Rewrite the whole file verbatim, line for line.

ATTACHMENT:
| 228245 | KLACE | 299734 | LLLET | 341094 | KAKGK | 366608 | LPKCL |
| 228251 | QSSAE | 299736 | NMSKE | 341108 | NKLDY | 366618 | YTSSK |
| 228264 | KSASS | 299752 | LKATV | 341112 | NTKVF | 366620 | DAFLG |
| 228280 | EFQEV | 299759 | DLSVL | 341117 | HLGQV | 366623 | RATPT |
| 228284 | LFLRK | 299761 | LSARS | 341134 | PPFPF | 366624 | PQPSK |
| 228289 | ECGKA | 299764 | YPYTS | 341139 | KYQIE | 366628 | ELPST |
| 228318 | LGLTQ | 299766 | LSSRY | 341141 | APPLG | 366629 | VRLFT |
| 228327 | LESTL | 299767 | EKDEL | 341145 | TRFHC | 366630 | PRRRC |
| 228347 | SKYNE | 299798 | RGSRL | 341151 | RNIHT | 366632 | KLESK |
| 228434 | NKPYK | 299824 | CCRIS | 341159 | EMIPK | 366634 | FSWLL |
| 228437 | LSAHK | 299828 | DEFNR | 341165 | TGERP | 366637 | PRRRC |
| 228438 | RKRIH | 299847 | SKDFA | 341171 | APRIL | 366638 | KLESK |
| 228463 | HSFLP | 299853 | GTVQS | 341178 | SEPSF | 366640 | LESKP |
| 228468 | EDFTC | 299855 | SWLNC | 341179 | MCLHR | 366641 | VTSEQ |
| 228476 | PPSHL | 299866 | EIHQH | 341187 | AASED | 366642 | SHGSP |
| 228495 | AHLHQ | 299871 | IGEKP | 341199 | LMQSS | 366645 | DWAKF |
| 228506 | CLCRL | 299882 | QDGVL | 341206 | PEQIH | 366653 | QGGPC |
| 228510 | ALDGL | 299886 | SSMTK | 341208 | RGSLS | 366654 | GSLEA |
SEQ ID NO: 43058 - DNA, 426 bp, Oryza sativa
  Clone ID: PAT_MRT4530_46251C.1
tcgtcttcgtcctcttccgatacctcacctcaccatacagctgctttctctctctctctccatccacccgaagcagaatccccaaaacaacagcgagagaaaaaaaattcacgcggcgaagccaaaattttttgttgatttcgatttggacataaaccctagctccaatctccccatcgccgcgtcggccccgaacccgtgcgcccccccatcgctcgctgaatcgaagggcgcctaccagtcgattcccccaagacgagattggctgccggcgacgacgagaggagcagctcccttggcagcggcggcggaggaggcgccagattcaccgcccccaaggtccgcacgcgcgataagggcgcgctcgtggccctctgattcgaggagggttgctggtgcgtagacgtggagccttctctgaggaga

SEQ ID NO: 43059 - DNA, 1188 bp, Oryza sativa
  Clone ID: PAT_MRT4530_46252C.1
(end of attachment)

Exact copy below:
| 228245 | KLACE | 299734 | LLLET | 341094 | KAKGK | 366608 | LPKCL |
| 228251 | QSSAE | 299736 | NMSKE | 341108 | NKLDY | 366618 | YTSSK |
| 228264 | KSASS | 299752 | LKATV | 341112 | NTKVF | 366620 | DAFLG |
| 228280 | EFQEV | 299759 | DLSVL | 341117 | HLGQV | 366623 | RATPT |
| 228284 | LFLRK | 299761 | LSARS | 341134 | PPFPF | 366624 | PQPSK |
| 228289 | ECGKA | 299764 | YPYTS | 341139 | KYQIE | 366628 | ELPST |
| 228318 | LGLTQ | 299766 | LSSRY | 341141 | APPLG | 366629 | VRLFT |
| 228327 | LESTL | 299767 | EKDEL | 341145 | TRFHC | 366630 | PRRRC |
| 228347 | SKYNE | 299798 | RGSRL | 341151 | RNIHT | 366632 | KLESK |
| 228434 | NKPYK | 299824 | CCRIS | 341159 | EMIPK | 366634 | FSWLL |
| 228437 | LSAHK | 299828 | DEFNR | 341165 | TGERP | 366637 | PRRRC |
| 228438 | RKRIH | 299847 | SKDFA | 341171 | APRIL | 366638 | KLESK |
| 228463 | HSFLP | 299853 | GTVQS | 341178 | SEPSF | 366640 | LESKP |
| 228468 | EDFTC | 299855 | SWLNC | 341179 | MCLHR | 366641 | VTSEQ |
| 228476 | PPSHL | 299866 | EIHQH | 341187 | AASED | 366642 | SHGSP |
| 228495 | AHLHQ | 299871 | IGEKP | 341199 | LMQSS | 366645 | DWAKF |
| 228506 | CLCRL | 299882 | QDGVL | 341206 | PEQIH | 366653 | QGGPC |
| 228510 | ALDGL | 299886 | SSMTK | 341208 | RGSLS | 366654 | GSLEA |
SEQ ID NO: 43058 - DNA, 426 bp, Oryza sativa
  Clone ID: PAT_MRT4530_46251C.1
tcgtcttcgtcctcttccgatacctcacctcaccatacagctgctttctctctctctctccatccacccgaagcagaatccccaaaacaacagcgagagaaaaaaaattcacgcggcgaagccaaaattttttgttgatttcgatttggacataaaccctagctccaatctccccatcgccgcgtcggccccgaacccgtgcgcccccccatcgctcgctgaatcgaagggcgcctaccagtcgattcccccaagacgagattggctgccggcgacgacgagaggagcagctcccttggcagcggcggcggaggaggcgccagattcaccgcccccaaggtccgcacgcgcgataagggcgcgctcgtggccctctgattcgaggagggttgctggtgcgtagacgtggagccttctctgaggaga

SEQ ID NO: 43059 - DNA, 1188 bp, Oryza sativa
  Clone ID: PAT_MRT4530_46252C.1